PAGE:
Terra Sigilata

Today there was a workshop at the studio led by Mike Flaherty, whose show just opened at the Craft Council Gallery. He talked a bit about using lusters, and decals, but mostly it was about terra sigilata–basically very fine slip, which can used to give you a polished-looking clay surface[6].

Most interesting–for me, anyways–was his little side trek into underglaze territory. I use a lot of underglazes–it’s where I get all the bright colours in my Robot line from[5], and they’re come in particularly handy with this teacup project[1]–and I love them, but they’re sort of expensive. Getting around to testing out a few do-it-yourself underglaze formulas has been on my to-do list, but the commercial ones were always so… easy. And available. Also, don’t come with notes saying things like “will vary slightly between batches”[2]. And involve all these finicky steps for things that, when you get down to it, I would be mixing fairly often.

Mike started experimenting with underglazes himself for this project, but made his from the start. He found his initial results unsatisfactory and “odd”. Somewhere along the way, though, he chanced across a mention of terra sig being useful for underglazes. Just mix a dry white sig 50:50 with a stain or oxide[2], and voila! Underglaze. Reliable, wonderfully brushable on green and bisque, and really simple to make.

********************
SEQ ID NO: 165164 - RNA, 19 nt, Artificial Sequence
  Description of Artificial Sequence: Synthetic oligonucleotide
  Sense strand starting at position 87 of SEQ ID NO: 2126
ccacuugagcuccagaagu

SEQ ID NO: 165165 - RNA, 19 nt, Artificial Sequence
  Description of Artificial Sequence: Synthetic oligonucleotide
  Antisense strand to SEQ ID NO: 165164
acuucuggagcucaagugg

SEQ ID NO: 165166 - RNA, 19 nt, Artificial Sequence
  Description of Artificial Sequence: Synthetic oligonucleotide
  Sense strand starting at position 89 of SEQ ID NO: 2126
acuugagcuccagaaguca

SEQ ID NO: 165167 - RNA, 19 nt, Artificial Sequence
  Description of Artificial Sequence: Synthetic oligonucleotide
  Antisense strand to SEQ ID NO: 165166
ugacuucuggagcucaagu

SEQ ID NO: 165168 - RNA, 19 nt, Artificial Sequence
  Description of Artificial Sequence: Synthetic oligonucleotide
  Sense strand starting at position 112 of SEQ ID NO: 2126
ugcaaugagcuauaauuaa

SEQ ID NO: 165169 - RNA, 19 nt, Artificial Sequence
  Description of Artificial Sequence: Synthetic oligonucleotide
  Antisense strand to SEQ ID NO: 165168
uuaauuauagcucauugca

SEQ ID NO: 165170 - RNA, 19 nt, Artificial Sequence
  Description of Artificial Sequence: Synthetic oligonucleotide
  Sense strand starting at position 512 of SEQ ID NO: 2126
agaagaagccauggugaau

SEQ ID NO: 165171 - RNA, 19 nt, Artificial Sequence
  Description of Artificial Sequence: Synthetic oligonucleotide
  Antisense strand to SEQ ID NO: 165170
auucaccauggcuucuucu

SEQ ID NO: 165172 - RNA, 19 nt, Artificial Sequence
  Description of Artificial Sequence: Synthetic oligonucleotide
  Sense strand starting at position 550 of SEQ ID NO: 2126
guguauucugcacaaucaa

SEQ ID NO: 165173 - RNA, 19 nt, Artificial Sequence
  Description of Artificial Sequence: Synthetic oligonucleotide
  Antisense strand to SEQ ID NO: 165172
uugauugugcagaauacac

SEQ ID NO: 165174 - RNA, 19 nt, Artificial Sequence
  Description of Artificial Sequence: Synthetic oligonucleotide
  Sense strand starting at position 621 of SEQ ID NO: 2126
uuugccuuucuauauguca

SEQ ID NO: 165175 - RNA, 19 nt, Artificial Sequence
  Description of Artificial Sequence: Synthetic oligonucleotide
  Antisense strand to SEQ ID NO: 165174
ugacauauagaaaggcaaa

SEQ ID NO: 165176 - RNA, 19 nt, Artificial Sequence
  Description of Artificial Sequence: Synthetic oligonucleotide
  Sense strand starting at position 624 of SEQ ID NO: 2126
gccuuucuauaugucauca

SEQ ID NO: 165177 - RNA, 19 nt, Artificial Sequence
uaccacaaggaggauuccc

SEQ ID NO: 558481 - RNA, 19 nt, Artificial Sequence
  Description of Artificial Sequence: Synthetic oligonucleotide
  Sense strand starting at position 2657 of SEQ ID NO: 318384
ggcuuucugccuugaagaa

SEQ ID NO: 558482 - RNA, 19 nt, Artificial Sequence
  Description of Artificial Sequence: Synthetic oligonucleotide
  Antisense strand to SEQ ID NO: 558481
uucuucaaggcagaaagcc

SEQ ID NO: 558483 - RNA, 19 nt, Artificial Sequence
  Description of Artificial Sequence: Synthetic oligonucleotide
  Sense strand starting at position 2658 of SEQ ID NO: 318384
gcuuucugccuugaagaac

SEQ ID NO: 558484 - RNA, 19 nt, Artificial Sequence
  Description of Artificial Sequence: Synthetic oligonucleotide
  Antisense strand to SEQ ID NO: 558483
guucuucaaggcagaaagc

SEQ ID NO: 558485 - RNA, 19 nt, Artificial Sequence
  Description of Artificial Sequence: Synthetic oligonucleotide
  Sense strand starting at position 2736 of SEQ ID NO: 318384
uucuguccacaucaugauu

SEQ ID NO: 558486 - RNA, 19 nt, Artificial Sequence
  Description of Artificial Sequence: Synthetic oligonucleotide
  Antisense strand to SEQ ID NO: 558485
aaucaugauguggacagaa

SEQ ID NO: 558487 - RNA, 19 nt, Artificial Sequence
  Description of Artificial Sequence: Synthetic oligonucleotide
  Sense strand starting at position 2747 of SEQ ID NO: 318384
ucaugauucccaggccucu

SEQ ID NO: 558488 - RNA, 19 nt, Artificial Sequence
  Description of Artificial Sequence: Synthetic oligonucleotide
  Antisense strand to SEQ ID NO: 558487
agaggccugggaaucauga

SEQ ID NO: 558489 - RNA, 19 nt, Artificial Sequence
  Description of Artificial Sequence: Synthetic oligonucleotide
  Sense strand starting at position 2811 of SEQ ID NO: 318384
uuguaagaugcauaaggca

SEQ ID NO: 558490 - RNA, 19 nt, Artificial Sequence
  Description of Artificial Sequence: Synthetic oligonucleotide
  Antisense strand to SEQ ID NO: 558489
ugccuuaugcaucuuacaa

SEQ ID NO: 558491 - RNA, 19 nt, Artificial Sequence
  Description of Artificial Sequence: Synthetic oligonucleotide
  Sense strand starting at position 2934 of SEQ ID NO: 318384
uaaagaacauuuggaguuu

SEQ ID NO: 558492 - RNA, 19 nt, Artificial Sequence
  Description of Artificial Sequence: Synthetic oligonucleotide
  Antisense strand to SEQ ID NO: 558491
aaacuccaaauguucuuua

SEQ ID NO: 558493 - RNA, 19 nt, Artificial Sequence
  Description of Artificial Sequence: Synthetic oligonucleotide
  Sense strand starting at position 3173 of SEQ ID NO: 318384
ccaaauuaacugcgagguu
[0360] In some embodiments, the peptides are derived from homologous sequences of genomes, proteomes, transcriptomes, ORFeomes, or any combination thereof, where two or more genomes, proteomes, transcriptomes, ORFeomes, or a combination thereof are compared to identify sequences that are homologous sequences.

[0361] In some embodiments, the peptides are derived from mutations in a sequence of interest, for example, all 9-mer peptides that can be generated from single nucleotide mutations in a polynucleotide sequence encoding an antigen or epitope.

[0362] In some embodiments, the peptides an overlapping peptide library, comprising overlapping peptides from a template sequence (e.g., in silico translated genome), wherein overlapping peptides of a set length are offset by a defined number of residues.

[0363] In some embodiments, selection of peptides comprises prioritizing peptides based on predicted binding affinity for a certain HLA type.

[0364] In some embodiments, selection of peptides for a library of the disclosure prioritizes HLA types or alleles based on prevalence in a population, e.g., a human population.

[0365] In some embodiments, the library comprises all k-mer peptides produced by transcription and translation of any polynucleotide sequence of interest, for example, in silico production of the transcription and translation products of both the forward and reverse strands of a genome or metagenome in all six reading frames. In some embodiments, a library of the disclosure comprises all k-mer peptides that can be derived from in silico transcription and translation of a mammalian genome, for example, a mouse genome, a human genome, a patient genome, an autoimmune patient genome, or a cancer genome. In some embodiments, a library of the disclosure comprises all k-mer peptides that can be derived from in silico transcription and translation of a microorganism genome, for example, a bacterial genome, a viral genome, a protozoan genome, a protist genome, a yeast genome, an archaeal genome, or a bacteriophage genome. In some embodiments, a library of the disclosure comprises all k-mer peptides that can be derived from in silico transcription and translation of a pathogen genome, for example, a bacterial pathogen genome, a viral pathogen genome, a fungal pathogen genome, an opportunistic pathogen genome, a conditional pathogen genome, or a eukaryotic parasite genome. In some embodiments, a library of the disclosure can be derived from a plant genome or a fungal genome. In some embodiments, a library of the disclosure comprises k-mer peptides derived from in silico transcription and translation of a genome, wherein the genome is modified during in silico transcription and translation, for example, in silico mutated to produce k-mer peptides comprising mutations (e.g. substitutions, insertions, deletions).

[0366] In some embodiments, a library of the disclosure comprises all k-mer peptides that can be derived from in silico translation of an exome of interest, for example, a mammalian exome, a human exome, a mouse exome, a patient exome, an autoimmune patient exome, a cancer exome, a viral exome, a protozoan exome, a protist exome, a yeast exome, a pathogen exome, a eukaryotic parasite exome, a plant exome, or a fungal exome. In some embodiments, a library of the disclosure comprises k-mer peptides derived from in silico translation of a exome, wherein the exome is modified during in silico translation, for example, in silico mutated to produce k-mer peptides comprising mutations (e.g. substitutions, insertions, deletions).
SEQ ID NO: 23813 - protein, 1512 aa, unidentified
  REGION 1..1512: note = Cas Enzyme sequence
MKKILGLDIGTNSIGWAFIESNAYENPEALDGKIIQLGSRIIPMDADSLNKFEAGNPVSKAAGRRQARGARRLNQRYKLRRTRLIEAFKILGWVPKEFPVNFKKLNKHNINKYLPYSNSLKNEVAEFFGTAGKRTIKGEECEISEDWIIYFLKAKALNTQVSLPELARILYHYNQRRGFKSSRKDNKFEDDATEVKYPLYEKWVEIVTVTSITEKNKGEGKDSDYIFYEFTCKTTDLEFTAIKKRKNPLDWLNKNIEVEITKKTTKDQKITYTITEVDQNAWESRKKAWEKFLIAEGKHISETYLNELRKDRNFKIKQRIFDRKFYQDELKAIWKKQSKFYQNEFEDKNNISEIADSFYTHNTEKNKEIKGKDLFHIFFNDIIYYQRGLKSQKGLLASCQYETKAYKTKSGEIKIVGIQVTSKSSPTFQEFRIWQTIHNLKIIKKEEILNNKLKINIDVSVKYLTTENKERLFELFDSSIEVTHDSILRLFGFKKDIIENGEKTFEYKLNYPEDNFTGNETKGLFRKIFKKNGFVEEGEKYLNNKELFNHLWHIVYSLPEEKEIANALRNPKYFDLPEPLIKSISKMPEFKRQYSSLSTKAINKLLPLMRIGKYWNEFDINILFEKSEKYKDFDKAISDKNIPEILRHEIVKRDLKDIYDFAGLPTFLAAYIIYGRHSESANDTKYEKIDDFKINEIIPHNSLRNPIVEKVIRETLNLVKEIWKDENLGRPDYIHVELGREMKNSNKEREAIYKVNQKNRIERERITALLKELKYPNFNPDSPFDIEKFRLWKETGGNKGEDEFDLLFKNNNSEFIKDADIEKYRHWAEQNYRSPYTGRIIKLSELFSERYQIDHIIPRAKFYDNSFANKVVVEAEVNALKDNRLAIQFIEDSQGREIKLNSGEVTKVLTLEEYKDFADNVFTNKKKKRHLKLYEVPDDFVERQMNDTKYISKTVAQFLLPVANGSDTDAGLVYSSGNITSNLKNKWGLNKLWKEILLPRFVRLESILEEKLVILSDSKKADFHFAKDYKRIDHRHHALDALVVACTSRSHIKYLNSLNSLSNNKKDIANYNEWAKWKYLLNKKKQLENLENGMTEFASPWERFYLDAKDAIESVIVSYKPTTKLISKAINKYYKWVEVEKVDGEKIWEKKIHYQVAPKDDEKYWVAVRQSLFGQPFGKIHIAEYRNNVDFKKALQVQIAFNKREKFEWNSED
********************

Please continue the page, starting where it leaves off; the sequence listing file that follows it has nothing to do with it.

Now, he was working with lower temperatures than we do in the studio, so things may vary a bit at cone 6 and under my clear[4], but still. I have a few test pieces ready to be plopped into this week’s glaze firing. Maybe I’ll get something really, really useful out of this.

[1] Want an opaque shiny glaze of a particular shade I will probably never use again? I can either mix up a bunch of tests, fire them, tweak them, and mix up a bucket of whatever comes out closest to what I had imagined, or I can reach for a bottle or two of underglaze.

[2] Not copper carbonate. It does weird things, apparently.[3] Or at least, it does at his firing temp and with the particular clear glaze he was using over it; obviously everyone else’s mileage will vary.

[3] Oh, copper carb. You are so useful, yet so unpredictable…

[4] Crimson Mason stain, I’m looking at you…[5]

[5] The first ever Robot mug was made with a slip coloured with Crimson Mason stain. After firing, the inside came out white. That was the day I decided to switch to underglaze…

[6] To make terra sigilata: Find some dry clay. Slake it thoroughly, mix it well with a deflocculant (Darvan or sodium silicate work fine). Let sit overnight. Solution will separate into layers; bigger, heavier particles of clay will fall to the bottom. Siphon off top layer of water, top layer of fine clay particles. DO NOT SIPHON OFF THE SLUDGE! Then there was some stuff about specific gravity, but that’s irrelevant if you’re just drying the sig out to make underglaze.

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